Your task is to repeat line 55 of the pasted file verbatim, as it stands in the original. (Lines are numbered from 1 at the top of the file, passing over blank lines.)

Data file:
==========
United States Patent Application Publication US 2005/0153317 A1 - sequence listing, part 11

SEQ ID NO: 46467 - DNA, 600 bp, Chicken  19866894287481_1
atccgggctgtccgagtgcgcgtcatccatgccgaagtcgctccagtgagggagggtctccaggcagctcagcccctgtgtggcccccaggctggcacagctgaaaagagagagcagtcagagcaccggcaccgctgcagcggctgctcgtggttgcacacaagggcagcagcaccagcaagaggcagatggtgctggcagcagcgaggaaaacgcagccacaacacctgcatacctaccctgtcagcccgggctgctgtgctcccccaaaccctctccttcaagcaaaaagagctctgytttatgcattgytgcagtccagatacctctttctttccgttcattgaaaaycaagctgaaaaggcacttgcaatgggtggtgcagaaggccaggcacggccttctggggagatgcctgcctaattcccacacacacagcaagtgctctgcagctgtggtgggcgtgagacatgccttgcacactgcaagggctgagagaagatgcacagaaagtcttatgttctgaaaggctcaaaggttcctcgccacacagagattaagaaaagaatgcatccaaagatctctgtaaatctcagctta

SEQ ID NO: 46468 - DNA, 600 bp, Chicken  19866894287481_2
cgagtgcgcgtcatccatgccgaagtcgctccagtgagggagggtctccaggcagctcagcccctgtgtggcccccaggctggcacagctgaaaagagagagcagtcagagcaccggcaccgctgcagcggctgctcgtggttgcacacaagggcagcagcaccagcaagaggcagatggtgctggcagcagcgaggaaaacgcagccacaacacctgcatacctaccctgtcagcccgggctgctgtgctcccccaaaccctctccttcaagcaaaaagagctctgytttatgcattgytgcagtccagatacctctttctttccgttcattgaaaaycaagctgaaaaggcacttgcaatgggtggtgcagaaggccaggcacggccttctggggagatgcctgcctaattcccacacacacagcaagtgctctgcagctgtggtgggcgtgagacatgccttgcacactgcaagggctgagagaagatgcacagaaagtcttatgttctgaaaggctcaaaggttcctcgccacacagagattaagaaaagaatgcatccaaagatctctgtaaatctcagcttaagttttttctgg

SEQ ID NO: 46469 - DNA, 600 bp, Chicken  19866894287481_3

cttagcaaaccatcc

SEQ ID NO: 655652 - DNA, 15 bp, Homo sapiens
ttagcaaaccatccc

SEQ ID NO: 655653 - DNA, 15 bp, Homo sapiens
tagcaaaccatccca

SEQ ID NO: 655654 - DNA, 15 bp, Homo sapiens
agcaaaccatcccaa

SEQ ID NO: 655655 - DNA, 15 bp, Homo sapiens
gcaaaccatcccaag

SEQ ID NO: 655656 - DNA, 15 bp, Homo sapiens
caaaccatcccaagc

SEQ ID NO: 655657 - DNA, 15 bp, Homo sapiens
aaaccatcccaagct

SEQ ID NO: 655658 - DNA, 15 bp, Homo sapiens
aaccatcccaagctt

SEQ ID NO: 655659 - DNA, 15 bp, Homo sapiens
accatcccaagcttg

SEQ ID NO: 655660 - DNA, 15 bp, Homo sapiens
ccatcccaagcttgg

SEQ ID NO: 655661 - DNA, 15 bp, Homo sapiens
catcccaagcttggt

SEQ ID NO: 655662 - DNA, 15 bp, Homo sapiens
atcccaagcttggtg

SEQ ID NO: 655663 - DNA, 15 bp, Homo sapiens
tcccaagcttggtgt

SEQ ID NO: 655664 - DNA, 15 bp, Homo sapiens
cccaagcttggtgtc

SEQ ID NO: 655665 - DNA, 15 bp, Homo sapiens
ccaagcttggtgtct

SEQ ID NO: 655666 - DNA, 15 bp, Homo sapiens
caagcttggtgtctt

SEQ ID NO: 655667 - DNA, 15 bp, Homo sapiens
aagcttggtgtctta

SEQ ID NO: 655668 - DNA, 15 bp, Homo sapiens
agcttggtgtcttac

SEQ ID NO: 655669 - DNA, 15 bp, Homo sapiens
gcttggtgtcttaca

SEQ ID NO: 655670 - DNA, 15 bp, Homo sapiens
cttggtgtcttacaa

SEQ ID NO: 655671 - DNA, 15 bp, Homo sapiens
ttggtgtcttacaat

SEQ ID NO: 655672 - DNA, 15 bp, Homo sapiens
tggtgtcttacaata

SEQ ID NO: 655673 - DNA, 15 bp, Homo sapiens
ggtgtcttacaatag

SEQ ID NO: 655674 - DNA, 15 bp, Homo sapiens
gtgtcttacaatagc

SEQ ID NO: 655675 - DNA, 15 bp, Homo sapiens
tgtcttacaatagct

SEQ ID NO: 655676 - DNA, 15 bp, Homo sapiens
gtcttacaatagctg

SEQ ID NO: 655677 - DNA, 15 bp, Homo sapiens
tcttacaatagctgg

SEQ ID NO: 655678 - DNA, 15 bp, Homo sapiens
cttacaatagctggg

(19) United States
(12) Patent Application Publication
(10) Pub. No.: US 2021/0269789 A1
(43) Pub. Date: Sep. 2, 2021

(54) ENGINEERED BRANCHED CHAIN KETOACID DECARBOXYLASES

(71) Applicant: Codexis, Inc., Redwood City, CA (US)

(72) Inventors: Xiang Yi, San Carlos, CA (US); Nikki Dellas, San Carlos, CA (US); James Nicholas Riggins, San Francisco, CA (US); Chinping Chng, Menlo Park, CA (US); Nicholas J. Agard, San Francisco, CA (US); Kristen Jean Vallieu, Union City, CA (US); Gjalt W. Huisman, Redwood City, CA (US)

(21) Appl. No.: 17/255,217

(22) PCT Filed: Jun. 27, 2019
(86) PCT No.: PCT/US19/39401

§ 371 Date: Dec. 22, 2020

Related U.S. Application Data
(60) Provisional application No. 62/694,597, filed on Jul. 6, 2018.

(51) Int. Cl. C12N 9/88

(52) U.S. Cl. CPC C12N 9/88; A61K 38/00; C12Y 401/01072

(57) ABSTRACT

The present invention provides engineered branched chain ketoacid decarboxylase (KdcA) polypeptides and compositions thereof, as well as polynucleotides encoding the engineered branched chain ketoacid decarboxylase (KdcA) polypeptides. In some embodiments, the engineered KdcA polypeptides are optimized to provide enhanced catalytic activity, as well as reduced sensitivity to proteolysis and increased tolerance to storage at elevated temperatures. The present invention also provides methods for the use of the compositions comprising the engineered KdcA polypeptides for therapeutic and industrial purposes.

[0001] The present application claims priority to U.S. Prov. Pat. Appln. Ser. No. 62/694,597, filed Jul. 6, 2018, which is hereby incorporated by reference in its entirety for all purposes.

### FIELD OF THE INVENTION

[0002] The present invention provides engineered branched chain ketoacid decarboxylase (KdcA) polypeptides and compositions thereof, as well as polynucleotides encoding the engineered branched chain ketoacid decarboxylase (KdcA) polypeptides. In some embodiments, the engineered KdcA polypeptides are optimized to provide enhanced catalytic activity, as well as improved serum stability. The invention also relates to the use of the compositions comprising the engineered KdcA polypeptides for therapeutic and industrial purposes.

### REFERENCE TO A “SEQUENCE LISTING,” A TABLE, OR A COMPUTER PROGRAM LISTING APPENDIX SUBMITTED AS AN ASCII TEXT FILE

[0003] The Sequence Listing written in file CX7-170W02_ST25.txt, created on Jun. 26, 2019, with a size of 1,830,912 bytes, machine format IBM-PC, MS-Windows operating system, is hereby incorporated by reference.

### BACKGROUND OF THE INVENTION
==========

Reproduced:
tgtcttacaatagct